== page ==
by Mat Dirjish
A favorite of audiophiles, the Roon audio-file player allows users to compile files native to their device and listen to music with high-resolution streaming services, allegedly all in lossless quality. According to its creators, its real magic, however comes into play when creatives harness its metadata side.
Enno Vandermeer, CEO and founder of Roon Labs, explains, “Roon uses rich, multi-layered metadata from dozens of sources to reveal hidden connections between performers, songwriters, producers, and composers. Users can draw on their personal file libraries as well as commercial streaming services, and then listen on almost any audio device. Though many music lovers come for the high-quality audio, they discover Roon is a powerful tool they can use in their creative work.”
Roon allows creatives to listen to mixes alongside reference tracks and with an interface like a streaming app. It can show an artist’s work in context, allowing everyone at a session to get a feel for what the final release will look and sound like. Additionally, Roon lets engineers and producers create a private streaming service from files, where clients, friends, or collaborators can log onto Roon and listen to sessions, jams, live performances, or other recordings.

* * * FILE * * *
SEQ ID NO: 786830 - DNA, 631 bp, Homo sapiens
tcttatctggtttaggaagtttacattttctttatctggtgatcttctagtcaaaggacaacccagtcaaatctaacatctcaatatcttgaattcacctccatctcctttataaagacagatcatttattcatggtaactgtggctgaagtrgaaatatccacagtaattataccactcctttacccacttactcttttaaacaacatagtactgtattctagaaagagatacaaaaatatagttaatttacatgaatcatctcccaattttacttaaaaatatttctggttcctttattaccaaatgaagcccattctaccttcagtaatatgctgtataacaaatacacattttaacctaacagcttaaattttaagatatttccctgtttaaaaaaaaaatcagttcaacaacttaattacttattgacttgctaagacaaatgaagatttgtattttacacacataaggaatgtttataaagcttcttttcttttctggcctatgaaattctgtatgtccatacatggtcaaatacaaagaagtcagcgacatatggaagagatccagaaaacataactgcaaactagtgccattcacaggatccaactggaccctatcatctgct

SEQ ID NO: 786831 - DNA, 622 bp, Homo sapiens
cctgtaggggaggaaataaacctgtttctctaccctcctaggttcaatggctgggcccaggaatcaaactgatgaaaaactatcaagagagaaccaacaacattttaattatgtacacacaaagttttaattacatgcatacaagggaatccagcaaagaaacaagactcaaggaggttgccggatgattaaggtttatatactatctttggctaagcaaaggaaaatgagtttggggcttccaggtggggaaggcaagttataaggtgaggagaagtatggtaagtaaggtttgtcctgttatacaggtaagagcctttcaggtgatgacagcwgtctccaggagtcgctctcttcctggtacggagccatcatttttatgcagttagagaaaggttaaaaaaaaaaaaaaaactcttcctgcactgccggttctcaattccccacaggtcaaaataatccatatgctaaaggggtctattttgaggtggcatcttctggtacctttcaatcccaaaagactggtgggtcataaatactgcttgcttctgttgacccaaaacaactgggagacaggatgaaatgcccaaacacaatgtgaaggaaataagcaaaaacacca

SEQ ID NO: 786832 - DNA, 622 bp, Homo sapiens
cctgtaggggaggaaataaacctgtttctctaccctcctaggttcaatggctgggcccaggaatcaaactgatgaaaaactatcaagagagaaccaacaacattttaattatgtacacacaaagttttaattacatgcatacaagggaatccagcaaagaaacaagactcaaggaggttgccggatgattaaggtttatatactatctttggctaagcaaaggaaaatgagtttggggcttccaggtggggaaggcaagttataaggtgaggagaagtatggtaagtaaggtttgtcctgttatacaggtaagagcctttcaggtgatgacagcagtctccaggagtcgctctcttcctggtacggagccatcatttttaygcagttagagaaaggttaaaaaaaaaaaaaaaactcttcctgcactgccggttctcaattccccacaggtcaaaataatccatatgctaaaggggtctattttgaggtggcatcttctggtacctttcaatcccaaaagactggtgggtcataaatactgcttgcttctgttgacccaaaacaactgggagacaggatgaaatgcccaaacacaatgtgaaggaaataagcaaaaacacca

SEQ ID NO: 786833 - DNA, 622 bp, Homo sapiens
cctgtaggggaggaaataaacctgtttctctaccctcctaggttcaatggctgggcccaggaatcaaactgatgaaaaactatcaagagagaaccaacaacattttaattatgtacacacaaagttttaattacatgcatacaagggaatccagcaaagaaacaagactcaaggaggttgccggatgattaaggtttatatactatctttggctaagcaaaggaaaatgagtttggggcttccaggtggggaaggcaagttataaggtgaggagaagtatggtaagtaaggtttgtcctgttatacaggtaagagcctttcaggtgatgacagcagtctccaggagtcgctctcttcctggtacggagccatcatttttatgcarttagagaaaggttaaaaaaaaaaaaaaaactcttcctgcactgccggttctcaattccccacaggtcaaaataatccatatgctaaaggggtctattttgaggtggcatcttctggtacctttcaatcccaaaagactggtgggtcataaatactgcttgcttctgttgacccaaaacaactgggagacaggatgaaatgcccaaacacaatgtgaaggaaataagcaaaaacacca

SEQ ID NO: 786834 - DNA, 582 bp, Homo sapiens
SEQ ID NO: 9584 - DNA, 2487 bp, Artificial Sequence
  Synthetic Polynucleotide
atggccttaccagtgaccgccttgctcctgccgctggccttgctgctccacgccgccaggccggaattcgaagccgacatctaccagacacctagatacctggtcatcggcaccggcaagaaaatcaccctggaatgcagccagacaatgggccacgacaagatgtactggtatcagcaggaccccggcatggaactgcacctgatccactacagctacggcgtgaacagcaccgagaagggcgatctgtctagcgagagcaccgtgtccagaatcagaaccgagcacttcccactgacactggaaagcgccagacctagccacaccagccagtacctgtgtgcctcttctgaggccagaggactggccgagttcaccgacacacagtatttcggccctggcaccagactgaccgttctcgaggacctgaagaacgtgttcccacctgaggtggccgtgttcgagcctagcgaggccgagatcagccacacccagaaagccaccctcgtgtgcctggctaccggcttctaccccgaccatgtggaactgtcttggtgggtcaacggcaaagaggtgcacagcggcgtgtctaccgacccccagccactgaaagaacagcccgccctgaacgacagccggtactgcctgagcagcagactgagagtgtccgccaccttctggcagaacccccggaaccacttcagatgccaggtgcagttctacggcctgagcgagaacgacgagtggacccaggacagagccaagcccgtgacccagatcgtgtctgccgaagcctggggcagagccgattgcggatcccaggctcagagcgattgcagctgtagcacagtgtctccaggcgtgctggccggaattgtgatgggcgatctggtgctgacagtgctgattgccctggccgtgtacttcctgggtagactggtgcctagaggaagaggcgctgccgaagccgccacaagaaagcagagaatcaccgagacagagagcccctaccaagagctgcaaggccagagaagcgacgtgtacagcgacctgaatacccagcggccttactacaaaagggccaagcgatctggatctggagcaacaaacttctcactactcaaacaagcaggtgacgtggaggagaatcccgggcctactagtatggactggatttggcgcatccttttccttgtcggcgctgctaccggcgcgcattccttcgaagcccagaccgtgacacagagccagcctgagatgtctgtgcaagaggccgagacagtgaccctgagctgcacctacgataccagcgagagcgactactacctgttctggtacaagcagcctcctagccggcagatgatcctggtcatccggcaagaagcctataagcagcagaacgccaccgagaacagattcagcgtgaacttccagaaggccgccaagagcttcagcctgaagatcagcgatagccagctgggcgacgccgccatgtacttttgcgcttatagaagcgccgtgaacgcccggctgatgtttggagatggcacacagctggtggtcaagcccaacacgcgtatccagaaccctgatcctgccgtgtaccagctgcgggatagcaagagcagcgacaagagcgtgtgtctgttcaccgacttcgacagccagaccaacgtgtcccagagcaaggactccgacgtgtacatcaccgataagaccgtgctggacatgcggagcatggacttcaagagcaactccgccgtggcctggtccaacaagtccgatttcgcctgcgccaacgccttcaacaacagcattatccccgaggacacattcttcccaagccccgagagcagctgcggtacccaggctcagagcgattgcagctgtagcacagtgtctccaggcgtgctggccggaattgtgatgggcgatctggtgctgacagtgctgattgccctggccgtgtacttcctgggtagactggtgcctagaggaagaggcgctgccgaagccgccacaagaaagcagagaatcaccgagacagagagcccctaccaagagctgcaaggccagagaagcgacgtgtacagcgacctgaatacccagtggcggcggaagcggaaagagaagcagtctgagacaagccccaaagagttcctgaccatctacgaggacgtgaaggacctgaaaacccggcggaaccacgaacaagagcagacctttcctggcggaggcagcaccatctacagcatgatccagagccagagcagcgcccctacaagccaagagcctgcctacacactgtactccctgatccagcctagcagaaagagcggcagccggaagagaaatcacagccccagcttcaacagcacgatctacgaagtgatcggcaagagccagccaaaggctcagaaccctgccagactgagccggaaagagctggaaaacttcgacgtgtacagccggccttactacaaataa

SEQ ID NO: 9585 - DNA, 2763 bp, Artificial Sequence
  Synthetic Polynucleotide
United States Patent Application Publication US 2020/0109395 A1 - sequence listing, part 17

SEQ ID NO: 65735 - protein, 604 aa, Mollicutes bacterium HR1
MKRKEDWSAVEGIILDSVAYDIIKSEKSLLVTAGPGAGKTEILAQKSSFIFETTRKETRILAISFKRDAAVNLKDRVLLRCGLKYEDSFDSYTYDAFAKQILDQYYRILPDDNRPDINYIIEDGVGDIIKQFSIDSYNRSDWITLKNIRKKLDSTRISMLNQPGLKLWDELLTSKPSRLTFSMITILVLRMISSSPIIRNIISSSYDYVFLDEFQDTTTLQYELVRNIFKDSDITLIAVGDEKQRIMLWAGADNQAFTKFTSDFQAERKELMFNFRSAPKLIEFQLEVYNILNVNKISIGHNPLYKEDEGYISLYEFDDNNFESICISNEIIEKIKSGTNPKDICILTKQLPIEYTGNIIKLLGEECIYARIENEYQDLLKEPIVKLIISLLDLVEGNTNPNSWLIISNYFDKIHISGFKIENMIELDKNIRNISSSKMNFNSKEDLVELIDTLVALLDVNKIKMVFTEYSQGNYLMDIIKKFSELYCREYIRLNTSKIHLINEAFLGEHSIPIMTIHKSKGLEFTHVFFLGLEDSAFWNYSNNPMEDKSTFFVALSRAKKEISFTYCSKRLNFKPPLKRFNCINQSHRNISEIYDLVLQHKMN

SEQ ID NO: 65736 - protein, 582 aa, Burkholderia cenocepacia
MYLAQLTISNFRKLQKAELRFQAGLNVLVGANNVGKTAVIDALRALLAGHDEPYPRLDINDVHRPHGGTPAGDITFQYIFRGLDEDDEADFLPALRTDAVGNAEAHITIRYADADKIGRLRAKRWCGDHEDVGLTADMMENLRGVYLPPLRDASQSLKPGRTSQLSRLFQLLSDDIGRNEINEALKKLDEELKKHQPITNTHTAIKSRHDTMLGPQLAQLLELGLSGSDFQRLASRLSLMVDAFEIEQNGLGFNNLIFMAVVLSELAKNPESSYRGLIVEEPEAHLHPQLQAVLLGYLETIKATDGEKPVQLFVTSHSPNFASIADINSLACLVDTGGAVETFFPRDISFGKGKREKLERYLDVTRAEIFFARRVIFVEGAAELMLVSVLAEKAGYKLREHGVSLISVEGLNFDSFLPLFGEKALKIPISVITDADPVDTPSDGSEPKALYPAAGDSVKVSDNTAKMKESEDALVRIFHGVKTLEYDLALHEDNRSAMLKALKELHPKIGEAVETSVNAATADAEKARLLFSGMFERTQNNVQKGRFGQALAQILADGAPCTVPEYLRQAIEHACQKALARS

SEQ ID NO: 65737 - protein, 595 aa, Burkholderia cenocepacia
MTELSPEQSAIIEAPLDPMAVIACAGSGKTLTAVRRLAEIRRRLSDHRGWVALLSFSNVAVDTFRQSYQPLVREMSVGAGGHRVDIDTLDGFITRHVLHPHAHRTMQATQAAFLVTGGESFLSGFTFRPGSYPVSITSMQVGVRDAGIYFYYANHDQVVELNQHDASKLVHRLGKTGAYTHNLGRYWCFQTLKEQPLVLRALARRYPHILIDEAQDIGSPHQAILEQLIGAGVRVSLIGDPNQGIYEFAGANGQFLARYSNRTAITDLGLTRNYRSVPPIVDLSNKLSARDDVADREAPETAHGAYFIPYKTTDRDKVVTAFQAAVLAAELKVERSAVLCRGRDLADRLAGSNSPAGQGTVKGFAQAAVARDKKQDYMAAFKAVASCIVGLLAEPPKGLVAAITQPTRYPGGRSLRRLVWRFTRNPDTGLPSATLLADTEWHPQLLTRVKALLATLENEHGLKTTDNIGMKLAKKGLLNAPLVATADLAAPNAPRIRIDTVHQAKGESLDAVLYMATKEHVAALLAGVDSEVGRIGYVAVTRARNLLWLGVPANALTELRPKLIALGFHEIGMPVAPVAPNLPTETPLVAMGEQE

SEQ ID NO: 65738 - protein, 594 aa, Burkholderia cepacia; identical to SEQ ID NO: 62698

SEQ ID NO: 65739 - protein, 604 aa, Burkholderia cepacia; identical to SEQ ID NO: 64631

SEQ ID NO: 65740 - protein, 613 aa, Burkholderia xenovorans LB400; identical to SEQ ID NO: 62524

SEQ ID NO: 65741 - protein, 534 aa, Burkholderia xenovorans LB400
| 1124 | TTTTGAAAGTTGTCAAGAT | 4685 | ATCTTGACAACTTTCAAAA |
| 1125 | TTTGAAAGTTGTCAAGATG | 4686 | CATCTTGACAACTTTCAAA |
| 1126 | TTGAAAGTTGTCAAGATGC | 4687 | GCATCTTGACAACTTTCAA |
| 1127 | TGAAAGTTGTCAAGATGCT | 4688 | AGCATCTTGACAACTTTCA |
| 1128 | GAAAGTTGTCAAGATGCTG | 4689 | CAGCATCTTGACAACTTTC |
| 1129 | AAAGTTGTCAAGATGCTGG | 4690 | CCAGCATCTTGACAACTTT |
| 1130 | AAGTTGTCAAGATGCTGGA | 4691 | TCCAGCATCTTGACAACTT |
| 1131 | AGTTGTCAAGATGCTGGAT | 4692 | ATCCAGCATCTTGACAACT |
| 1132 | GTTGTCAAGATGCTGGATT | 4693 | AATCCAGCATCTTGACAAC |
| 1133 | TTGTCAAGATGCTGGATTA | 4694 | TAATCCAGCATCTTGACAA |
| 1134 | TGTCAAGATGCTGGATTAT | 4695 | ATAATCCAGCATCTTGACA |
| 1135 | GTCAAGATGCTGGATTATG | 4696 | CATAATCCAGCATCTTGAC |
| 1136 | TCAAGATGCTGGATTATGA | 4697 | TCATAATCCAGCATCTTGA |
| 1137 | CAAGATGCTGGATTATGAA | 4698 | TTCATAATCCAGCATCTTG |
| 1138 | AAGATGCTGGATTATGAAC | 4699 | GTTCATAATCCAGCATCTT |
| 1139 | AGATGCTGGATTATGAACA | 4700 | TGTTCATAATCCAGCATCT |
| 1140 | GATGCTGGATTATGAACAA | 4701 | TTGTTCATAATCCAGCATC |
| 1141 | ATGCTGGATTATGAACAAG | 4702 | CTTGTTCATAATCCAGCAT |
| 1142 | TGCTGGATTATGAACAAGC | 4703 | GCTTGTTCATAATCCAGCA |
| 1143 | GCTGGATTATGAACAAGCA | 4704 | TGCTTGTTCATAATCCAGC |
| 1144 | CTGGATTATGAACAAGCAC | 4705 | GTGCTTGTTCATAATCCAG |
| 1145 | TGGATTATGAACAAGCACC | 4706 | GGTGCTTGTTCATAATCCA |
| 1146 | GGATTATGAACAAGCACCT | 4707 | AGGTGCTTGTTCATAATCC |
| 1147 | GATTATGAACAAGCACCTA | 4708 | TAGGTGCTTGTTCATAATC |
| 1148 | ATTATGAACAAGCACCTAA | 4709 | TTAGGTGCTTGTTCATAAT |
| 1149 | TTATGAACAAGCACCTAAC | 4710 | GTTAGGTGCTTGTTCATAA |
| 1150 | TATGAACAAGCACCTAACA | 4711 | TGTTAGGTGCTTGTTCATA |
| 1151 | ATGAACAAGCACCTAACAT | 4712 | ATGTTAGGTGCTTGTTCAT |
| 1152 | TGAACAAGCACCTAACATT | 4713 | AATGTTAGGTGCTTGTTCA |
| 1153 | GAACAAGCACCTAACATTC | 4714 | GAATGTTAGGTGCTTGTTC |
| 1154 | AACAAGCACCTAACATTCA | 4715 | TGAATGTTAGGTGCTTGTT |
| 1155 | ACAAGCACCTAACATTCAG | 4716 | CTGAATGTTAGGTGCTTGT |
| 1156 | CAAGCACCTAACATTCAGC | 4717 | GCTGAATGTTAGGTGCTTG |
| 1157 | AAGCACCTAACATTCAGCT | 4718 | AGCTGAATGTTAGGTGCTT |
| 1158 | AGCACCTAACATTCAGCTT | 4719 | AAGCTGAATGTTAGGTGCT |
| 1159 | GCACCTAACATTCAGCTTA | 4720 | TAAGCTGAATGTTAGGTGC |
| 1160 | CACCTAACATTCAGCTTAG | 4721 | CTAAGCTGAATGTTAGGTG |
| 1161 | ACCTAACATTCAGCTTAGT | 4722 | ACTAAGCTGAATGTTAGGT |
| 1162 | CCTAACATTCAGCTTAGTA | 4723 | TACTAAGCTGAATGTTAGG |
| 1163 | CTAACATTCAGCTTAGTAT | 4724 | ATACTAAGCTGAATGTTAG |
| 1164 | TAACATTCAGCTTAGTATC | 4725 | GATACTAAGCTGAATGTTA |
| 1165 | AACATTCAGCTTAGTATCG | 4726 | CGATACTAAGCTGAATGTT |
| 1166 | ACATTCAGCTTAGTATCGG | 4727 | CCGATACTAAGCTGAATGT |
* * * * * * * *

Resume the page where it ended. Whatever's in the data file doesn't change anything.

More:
The player weaves together metadata attached to each file and draws on multiple sources to create context and draw connections across files and streams. Vandermeer adds, “Roon works better than cloud drives or storage, because we connect metadata and provide automatic architecture for music files, This web of data tames the file wilderness, where some of our best ideas can lurk.”
Recently, Roon integrated 24 new non-English editorial data sources, so users can select their preferred language and fully localize their experience. For deeper details and data, visit the Roon Labs website.
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One thought on “Audiophile Player Tames Audio File Wilderness”
Roon’s audio-file player seems to be an exciting tool for audiophiles and creatives alike. Its ability to harness metadata from multiple sources and reveal hidden connections between performers, songwriters, producers, and composers is impressive. I can see how this feature can be a powerful tool for creative work, allowing artists to listen to mixes alongside reference tracks and get a feel for what the final release will sound like. Roon’s ability to create a private streaming service from files is also intriguing and can be beneficial for producers and engineers looking to share their work with clients, friends, or collaborators. It’s exciting to see how Roon is expanding the possibilities of high-quality audio and metadata in the music industry. Thank you to Mat Dirjish for sharing this information with us.